Sled Island: Tigers on the prowl
Seamless integration and fluid, catchy melodies are likely the elements that stick out when first listening to Vancouver-based septet Fond of Tigers, however, guitarist and band leader Stephen Lyons admits that a great deal of the band’s preparation for a set comes at the last minute.
“As soon as something is set in stone I want to change it, sort of like flipping a coin and saying if it turns up heads you’ll do something and then when it is heads you do the opposite because it forces you to make the decision you inherently wanted without knowing you wanted,” Lyons says during a phone interview from Toronto.
Fond of Tigers initially began as solo project but slowly morphed into a full cast of musicians that have be together off-and-on since 2003. Lyons believes much of the vocal-less instrumental group’s appeal comes from the variety of shows they are able to put on depending on the members’ physical and emotional state.
“Our sets are pretty varied depending on how we shape them, we have quite a lot of material now,” Lyon said, noting that the group recently played two separate shows in London, Ont. that ended up being completely different experiences for band members and fans alike. “When we started out we seemed to be playing the same songs but now we have a number of sets, so depending on our mood we kind of shape it differently.”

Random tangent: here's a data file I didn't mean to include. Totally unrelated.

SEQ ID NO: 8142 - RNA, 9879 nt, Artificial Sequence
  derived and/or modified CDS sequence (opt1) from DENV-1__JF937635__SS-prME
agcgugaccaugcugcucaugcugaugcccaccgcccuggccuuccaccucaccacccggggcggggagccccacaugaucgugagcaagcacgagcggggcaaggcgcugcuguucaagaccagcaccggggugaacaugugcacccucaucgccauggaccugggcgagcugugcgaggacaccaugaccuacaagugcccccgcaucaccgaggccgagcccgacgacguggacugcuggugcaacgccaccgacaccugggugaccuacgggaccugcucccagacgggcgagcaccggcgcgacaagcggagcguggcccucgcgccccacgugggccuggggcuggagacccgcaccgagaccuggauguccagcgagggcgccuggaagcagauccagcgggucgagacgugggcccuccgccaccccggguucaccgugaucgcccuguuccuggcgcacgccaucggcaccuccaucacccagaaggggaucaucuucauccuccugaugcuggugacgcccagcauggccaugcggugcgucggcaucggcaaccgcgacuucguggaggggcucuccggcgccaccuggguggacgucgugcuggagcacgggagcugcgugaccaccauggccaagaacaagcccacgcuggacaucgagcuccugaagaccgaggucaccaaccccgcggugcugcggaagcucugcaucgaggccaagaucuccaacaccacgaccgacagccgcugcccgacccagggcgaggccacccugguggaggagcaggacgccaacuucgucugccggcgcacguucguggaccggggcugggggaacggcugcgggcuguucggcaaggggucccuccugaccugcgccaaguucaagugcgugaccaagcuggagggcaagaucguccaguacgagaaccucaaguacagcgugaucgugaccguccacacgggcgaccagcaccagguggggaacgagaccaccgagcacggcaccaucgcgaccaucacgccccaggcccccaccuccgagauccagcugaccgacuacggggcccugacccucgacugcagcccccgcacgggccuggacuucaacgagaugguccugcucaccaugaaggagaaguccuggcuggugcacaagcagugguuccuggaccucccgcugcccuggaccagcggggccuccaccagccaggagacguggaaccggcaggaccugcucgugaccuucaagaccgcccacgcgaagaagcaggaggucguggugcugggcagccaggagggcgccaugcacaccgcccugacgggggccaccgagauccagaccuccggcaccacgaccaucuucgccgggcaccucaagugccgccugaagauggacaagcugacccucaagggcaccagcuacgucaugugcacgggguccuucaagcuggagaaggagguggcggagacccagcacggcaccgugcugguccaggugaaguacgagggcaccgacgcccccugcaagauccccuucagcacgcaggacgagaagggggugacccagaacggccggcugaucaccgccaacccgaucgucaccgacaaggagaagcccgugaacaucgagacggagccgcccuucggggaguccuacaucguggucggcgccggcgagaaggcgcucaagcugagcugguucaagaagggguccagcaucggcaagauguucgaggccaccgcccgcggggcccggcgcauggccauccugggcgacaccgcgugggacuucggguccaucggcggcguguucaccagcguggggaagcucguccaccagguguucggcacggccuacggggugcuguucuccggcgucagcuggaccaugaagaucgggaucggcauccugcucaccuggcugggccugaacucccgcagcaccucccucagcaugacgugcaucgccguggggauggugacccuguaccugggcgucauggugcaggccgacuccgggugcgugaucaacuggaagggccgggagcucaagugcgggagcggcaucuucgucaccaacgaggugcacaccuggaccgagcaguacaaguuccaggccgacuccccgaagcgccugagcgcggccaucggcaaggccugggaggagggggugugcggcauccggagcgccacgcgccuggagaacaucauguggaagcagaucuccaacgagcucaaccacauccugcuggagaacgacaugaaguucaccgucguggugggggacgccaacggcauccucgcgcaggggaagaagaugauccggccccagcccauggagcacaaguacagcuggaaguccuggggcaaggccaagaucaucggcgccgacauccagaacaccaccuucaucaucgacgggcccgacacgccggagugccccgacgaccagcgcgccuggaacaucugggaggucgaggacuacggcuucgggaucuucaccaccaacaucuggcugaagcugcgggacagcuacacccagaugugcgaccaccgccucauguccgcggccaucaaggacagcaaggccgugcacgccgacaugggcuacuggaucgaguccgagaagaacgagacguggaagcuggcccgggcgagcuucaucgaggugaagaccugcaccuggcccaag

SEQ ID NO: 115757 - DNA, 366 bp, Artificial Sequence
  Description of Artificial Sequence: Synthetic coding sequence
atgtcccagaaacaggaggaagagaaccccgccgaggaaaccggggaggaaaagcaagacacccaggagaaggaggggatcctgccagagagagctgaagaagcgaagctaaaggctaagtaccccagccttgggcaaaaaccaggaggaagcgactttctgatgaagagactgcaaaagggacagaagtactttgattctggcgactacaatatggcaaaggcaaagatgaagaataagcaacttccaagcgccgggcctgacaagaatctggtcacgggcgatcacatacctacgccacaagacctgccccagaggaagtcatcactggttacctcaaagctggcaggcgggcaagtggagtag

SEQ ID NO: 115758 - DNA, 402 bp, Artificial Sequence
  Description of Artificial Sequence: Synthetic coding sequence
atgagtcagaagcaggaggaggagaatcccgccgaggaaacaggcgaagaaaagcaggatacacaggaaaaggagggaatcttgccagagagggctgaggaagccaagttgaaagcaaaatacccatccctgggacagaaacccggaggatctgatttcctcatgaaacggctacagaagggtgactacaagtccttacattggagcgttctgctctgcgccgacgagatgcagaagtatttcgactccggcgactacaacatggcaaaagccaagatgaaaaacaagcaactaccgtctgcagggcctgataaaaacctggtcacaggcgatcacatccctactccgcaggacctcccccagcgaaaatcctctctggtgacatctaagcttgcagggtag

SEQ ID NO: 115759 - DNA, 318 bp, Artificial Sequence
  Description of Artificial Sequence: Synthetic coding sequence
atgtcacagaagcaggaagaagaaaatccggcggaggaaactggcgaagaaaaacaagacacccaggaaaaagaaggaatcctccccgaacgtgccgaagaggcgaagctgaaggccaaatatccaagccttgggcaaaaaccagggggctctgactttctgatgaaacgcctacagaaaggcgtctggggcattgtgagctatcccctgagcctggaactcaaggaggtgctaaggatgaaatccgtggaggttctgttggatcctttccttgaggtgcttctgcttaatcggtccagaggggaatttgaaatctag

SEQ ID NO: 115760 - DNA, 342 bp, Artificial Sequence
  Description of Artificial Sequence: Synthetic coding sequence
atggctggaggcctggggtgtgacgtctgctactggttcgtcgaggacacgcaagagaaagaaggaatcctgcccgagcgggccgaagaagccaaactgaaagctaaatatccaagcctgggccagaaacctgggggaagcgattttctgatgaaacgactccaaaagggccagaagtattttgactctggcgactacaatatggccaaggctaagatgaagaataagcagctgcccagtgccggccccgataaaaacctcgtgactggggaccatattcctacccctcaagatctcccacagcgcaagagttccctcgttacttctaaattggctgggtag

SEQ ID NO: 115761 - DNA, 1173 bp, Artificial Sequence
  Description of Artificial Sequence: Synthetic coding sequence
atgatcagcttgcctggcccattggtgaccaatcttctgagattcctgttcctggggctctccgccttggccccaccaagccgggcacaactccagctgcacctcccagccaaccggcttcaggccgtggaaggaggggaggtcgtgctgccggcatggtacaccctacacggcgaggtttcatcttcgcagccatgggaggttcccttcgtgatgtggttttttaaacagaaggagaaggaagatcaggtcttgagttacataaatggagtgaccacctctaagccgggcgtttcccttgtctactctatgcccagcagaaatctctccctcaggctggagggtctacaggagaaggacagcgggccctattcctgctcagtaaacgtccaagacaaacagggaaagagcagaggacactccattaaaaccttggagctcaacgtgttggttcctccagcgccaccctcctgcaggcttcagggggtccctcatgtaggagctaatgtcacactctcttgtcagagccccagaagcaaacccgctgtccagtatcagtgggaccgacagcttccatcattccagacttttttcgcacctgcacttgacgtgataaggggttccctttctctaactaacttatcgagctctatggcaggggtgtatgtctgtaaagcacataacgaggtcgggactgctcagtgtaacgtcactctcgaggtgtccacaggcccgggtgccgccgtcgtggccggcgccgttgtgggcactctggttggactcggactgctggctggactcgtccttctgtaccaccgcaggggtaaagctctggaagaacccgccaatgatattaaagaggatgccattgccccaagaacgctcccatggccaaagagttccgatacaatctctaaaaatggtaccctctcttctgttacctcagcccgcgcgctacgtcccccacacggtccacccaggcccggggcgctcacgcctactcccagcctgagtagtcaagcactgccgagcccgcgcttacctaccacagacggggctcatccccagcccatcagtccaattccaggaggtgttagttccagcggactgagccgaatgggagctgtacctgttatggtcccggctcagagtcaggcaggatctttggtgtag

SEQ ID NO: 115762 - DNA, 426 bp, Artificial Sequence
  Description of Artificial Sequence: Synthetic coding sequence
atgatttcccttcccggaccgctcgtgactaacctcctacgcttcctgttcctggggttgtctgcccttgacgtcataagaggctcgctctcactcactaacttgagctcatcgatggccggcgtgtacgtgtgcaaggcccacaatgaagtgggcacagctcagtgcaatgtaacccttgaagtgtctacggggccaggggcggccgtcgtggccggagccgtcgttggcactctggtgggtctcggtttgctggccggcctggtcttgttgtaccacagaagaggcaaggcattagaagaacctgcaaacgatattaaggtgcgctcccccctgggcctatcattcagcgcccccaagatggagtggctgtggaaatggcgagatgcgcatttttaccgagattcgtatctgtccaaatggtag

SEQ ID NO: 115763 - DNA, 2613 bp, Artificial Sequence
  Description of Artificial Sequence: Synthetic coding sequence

Sled Island Spotlight
Fond of Tigers
Show: Wed., June 24th at Central United Church — 07:00 p.m. — All Ages
For the band website click here.
Lyons says on a recent tour through Ontario his group found “some really nice pacing and archs, just kind of zoning in on all the dynamics. It can go from pretty intense to quite beautiful and open-sounding so it’s not monolithic in that way.”
The group hopes to carry that momentum into Sled Island in what will be their first performance in Alberta.
“Sled Island festival is great, seems like it’s doing a lot for music in Calgary and that whole region. When you get over 250 bands coming through it spills over into all of Alberta and beyond, it’s great,” Lyons said. “We likely would not have had the push to go to Alberta were it not for the festival.”
Lyons hopes to see more Sled Island-type creations come to Vancouver area, noting that the group often feels “isolated in the far west.
“The interaction at a festival like this is just phenonmenal. It helps musicians to interact with one another and it can give that push to take your music to new levels.”